On becoming a breast cancer survivor
Getting through treatment is only the beginning.
The impact of breast cancer is as individual as the women who survive it. It can be an arduous though temporary challenge or an experience so transformative that it divides existence into two parts — before and after.
Perry Colmore has experienced the disease both ways. When she was 45, she was diagnosed with lobular carcinoma in situ, a noninvasive disease that signals an elevated risk for invasive breast cancer. Given the choice of preventive double mastectomy or simply removing the small tumor, she opted for a lumpectomy. "I breezed right along, assuming I'd be among the 80% who don't have a recurrence," she says.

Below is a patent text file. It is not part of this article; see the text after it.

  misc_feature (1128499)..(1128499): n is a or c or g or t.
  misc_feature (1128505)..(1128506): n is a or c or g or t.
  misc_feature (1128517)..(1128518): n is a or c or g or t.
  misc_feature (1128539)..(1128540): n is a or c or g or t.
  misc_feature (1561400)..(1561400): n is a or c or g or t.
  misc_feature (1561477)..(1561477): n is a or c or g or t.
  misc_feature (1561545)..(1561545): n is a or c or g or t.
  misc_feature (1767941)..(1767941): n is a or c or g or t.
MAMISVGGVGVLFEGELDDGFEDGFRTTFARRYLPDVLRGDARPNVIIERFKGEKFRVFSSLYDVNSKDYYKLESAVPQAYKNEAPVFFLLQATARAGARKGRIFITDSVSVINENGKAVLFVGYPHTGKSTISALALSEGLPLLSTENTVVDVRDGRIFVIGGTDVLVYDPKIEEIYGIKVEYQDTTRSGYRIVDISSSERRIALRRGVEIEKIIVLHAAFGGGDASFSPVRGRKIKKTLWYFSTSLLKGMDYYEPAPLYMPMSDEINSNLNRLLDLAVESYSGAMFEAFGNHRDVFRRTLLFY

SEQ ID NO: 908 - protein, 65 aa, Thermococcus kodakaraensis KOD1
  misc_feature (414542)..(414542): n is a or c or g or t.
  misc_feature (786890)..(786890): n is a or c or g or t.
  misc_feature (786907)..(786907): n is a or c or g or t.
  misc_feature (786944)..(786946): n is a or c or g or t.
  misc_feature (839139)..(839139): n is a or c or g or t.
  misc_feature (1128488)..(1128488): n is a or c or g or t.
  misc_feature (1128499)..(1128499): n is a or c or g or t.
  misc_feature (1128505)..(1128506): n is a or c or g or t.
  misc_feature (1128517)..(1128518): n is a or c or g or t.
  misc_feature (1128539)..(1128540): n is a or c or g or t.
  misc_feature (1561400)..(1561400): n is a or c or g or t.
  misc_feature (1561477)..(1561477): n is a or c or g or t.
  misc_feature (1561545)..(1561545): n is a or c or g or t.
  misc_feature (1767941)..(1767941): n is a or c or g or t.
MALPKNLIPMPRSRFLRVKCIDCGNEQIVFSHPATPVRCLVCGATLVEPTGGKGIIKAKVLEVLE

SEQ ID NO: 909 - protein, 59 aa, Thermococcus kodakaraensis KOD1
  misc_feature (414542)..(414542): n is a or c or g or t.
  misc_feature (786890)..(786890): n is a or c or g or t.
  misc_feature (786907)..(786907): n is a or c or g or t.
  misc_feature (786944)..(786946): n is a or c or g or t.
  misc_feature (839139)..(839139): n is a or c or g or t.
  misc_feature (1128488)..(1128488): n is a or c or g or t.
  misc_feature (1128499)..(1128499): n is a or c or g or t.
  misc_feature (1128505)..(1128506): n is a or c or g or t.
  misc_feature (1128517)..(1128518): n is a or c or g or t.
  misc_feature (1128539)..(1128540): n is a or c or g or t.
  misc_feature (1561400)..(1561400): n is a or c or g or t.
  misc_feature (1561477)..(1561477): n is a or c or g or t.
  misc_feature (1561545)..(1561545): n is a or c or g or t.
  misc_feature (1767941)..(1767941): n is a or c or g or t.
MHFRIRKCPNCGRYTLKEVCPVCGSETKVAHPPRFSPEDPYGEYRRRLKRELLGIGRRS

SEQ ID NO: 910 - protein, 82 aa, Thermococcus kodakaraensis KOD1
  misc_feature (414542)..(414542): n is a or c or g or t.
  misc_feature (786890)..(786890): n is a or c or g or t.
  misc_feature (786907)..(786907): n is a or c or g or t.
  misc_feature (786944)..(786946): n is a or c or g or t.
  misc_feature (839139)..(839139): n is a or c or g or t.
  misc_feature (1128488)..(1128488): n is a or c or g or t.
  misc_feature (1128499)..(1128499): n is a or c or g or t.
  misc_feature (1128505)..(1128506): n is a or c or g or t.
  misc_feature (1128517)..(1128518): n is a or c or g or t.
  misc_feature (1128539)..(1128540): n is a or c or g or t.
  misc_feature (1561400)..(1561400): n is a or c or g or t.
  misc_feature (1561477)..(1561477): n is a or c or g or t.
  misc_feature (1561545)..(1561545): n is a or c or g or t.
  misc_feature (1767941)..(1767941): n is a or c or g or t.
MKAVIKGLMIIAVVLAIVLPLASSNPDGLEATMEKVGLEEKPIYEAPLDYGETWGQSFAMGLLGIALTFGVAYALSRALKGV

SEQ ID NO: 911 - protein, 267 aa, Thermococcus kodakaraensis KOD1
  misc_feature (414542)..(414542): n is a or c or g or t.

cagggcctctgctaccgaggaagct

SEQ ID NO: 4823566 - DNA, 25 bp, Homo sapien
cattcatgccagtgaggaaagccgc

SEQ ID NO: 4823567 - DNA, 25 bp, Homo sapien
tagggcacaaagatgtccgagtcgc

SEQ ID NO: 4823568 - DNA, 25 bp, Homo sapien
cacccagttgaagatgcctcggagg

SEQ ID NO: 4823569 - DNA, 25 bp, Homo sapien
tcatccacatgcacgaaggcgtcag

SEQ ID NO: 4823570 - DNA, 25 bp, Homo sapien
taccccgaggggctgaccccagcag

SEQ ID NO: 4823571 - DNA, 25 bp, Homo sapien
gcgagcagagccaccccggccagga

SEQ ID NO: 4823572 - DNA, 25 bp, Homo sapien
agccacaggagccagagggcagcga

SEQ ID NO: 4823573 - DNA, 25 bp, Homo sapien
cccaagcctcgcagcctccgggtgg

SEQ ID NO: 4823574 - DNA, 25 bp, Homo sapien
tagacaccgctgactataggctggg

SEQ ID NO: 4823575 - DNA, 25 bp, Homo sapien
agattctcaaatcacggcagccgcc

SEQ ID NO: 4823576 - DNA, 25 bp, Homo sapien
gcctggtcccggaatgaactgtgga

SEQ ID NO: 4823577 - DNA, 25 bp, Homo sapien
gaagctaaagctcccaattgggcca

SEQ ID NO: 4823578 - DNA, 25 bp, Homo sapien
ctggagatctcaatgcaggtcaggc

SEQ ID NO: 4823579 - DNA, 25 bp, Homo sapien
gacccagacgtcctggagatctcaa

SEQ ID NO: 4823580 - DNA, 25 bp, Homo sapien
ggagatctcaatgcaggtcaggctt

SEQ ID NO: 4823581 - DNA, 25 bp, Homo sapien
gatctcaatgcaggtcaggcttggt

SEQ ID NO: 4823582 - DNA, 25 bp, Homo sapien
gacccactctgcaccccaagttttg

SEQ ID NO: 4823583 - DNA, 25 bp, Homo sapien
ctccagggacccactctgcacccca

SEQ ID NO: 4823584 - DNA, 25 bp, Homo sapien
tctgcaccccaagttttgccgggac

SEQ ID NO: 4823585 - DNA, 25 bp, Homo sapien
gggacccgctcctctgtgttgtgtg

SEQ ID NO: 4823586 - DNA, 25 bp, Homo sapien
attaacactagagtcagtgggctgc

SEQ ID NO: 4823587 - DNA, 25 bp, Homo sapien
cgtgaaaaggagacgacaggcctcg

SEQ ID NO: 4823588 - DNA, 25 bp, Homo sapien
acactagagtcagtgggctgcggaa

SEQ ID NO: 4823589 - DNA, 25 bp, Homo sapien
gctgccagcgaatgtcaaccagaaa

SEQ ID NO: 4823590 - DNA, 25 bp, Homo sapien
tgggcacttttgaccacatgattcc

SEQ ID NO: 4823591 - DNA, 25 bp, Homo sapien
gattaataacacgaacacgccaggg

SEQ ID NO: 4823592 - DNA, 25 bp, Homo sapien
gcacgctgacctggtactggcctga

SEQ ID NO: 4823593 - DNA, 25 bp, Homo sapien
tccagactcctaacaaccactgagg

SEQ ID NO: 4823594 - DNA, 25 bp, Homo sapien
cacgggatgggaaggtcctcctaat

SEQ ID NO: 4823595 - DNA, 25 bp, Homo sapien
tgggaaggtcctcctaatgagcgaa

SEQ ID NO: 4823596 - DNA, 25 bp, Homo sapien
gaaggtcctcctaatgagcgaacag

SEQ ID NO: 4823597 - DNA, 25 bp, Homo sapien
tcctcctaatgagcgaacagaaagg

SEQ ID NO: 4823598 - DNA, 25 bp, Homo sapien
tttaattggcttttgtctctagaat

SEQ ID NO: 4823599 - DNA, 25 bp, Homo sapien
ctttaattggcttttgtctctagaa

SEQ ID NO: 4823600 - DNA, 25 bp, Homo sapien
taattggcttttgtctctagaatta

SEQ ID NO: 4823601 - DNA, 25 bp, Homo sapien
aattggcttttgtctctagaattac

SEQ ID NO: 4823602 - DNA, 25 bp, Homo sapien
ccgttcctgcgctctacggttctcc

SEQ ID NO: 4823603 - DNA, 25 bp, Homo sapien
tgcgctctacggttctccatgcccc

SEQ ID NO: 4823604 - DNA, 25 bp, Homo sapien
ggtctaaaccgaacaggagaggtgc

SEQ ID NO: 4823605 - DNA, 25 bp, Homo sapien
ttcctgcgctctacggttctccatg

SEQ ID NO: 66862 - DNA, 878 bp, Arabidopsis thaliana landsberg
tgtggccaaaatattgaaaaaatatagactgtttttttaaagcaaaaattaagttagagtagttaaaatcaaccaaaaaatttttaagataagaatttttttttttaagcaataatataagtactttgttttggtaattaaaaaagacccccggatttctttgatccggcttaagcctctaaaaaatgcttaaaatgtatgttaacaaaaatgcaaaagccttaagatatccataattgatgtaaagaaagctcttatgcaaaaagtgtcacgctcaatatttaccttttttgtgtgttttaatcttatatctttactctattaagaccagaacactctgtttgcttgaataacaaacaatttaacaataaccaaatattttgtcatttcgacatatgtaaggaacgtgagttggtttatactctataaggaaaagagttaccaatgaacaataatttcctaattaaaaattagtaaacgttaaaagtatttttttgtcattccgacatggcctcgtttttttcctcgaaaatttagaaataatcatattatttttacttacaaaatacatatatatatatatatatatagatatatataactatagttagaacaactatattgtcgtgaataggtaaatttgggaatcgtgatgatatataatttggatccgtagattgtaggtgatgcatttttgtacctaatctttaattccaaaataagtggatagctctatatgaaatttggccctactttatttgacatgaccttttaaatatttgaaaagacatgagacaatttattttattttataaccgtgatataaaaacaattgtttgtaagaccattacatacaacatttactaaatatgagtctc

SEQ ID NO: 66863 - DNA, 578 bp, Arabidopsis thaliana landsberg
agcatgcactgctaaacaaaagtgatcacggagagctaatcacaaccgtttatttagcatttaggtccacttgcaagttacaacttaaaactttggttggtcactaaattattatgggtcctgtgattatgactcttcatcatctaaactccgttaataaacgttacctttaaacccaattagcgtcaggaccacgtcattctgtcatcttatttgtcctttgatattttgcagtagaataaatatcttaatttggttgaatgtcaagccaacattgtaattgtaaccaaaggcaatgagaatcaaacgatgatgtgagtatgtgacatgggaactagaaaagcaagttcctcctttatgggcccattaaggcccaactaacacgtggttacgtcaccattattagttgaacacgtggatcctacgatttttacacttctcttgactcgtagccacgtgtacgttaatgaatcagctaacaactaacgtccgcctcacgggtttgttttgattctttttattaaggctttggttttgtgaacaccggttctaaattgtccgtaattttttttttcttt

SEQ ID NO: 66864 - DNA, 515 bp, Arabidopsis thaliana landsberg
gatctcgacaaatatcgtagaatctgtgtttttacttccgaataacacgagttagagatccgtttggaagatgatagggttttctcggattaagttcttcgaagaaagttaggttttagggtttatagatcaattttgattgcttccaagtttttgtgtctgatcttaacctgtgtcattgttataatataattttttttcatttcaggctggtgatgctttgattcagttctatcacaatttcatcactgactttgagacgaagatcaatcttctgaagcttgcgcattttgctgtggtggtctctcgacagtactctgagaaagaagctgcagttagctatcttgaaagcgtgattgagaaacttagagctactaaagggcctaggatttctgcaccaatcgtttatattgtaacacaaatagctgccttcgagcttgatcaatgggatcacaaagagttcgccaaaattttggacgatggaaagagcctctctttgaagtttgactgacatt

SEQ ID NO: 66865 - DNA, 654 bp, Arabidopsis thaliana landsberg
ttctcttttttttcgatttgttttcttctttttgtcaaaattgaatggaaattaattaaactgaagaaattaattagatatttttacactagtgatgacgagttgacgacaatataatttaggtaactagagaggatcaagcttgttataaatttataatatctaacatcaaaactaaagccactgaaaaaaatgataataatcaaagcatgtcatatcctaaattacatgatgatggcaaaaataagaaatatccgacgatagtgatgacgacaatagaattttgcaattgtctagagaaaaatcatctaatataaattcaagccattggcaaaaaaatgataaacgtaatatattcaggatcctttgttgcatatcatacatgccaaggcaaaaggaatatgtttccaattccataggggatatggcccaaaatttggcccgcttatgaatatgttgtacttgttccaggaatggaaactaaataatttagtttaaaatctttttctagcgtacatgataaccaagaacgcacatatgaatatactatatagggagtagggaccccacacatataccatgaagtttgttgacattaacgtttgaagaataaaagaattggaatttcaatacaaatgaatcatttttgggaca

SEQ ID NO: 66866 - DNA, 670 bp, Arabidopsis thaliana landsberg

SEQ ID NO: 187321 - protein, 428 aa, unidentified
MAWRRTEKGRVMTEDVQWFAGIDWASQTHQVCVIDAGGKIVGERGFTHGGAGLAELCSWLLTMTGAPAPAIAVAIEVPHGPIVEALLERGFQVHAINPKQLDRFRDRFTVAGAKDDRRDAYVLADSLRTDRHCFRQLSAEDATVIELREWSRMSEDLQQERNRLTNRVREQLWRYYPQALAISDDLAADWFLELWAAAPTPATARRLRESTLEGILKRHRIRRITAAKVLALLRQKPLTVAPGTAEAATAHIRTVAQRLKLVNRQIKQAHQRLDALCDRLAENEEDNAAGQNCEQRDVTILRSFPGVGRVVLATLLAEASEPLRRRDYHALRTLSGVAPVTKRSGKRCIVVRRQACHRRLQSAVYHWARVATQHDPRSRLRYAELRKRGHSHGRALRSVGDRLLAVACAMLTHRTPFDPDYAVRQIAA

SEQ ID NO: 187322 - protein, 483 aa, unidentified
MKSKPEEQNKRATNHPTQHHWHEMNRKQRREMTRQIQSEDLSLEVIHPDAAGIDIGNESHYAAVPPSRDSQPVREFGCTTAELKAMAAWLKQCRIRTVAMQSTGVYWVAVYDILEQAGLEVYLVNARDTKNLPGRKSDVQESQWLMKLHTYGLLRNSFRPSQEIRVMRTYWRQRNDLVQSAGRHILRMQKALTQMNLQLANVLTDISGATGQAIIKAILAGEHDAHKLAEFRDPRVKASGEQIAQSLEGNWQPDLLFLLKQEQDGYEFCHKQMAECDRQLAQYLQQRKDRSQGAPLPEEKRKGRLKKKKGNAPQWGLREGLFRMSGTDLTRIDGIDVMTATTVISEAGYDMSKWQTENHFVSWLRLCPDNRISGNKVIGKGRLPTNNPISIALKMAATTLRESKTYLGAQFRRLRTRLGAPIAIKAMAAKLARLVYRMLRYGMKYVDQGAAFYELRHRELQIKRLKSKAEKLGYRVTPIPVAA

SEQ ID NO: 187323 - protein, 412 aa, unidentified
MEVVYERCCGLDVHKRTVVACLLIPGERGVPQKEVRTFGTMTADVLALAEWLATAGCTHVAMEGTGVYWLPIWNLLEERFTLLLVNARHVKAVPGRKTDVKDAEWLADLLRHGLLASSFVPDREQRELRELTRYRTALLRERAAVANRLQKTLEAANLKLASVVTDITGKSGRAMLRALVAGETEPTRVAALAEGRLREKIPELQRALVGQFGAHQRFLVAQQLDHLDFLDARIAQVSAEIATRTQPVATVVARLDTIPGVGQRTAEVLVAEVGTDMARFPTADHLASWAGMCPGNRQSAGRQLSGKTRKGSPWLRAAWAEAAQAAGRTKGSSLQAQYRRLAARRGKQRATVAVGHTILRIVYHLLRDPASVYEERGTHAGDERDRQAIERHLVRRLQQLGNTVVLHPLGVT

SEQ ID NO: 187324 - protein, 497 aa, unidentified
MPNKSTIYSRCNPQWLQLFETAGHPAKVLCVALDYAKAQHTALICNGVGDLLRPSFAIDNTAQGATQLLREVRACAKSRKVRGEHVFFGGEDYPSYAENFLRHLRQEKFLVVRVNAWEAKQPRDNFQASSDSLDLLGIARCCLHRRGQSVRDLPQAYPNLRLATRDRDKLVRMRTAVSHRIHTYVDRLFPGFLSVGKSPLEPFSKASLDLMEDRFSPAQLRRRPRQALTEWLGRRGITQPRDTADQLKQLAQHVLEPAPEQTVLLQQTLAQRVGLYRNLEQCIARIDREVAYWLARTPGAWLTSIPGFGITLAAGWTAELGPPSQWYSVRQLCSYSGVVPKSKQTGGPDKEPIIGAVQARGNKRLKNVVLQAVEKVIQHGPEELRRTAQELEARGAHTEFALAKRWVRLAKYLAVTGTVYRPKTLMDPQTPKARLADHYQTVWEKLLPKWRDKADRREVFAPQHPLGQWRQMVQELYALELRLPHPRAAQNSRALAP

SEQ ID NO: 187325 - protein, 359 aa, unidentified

And so she was — for seven years. Then a lump in her other breast turned out to be an invasive cancer that had already reached 12 lymph nodes. She underwent a mastectomy followed by radiation and chemotherapy.